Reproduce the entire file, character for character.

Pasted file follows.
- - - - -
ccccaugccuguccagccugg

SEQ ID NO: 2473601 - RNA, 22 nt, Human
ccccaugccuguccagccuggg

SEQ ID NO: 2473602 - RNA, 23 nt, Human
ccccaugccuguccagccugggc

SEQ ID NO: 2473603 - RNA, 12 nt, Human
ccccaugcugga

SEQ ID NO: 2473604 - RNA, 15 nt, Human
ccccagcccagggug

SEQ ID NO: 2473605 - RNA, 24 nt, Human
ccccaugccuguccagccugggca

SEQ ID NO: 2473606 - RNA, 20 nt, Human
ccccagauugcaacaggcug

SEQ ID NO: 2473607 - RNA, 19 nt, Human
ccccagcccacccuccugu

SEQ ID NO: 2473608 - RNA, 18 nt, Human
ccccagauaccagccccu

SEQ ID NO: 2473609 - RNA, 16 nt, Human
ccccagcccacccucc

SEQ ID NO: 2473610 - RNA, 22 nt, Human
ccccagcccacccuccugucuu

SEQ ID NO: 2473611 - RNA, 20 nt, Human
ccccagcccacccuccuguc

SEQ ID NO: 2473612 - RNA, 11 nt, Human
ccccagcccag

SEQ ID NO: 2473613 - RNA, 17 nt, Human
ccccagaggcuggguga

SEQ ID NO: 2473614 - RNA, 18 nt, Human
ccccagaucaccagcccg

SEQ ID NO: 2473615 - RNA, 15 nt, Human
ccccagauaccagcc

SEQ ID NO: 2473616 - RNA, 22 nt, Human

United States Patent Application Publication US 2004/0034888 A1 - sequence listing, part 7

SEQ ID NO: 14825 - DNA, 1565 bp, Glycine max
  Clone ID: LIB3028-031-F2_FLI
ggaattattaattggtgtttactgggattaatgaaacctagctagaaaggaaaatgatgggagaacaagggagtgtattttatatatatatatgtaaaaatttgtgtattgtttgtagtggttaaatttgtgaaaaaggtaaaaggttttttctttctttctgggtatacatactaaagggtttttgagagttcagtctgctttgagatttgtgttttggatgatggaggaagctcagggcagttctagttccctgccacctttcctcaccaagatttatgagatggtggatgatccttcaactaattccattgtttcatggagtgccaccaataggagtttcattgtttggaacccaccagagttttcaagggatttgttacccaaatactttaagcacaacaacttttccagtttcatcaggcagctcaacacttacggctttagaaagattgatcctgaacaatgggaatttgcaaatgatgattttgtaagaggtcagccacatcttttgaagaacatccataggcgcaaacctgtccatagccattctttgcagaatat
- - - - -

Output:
ccccaugccuguccagccugg

SEQ ID NO: 2473601 - RNA, 22 nt, Human
ccccaugccuguccagccuggg

SEQ ID NO: 2473602 - RNA, 23 nt, Human
ccccaugccuguccagccugggc

SEQ ID NO: 2473603 - RNA, 12 nt, Human
ccccaugcugga

SEQ ID NO: 2473604 - RNA, 15 nt, Human
ccccagcccagggug

SEQ ID NO: 2473605 - RNA, 24 nt, Human
ccccaugccuguccagccugggca

SEQ ID NO: 2473606 - RNA, 20 nt, Human
ccccagauugcaacaggcug

SEQ ID NO: 2473607 - RNA, 19 nt, Human
ccccagcccacccuccugu

SEQ ID NO: 2473608 - RNA, 18 nt, Human
ccccagauaccagccccu

SEQ ID NO: 2473609 - RNA, 16 nt, Human
ccccagcccacccucc

SEQ ID NO: 2473610 - RNA, 22 nt, Human
ccccagcccacccuccugucuu

SEQ ID NO: 2473611 - RNA, 20 nt, Human
ccccagcccacccuccuguc

SEQ ID NO: 2473612 - RNA, 11 nt, Human
ccccagcccag

SEQ ID NO: 2473613 - RNA, 17 nt, Human
ccccagaggcuggguga

SEQ ID NO: 2473614 - RNA, 18 nt, Human
ccccagaucaccagcccg

SEQ ID NO: 2473615 - RNA, 15 nt, Human
ccccagauaccagcc

SEQ ID NO: 2473616 - RNA, 22 nt, Human

United States Patent Application Publication US 2004/0034888 A1 - sequence listing, part 7

SEQ ID NO: 14825 - DNA, 1565 bp, Glycine max
  Clone ID: LIB3028-031-F2_FLI
ggaattattaattggtgtttactgggattaatgaaacctagctagaaaggaaaatgatgggagaacaagggagtgtattttatatatatatatgtaaaaatttgtgtattgtttgtagtggttaaatttgtgaaaaaggtaaaaggttttttctttctttctgggtatacatactaaagggtttttgagagttcagtctgctttgagatttgtgttttggatgatggaggaagctcagggcagttctagttccctgccacctttcctcaccaagatttatgagatggtggatgatccttcaactaattccattgtttcatggagtgccaccaataggagtttcattgtttggaacccaccagagttttcaagggatttgttacccaaatactttaagcacaacaacttttccagtttcatcaggcagctcaacacttacggctttagaaagattgatcctgaacaatgggaatttgcaaatgatgattttgtaagaggtcagccacatcttttgaagaacatccataggcgcaaacctgtccatagccattctttgcagaatat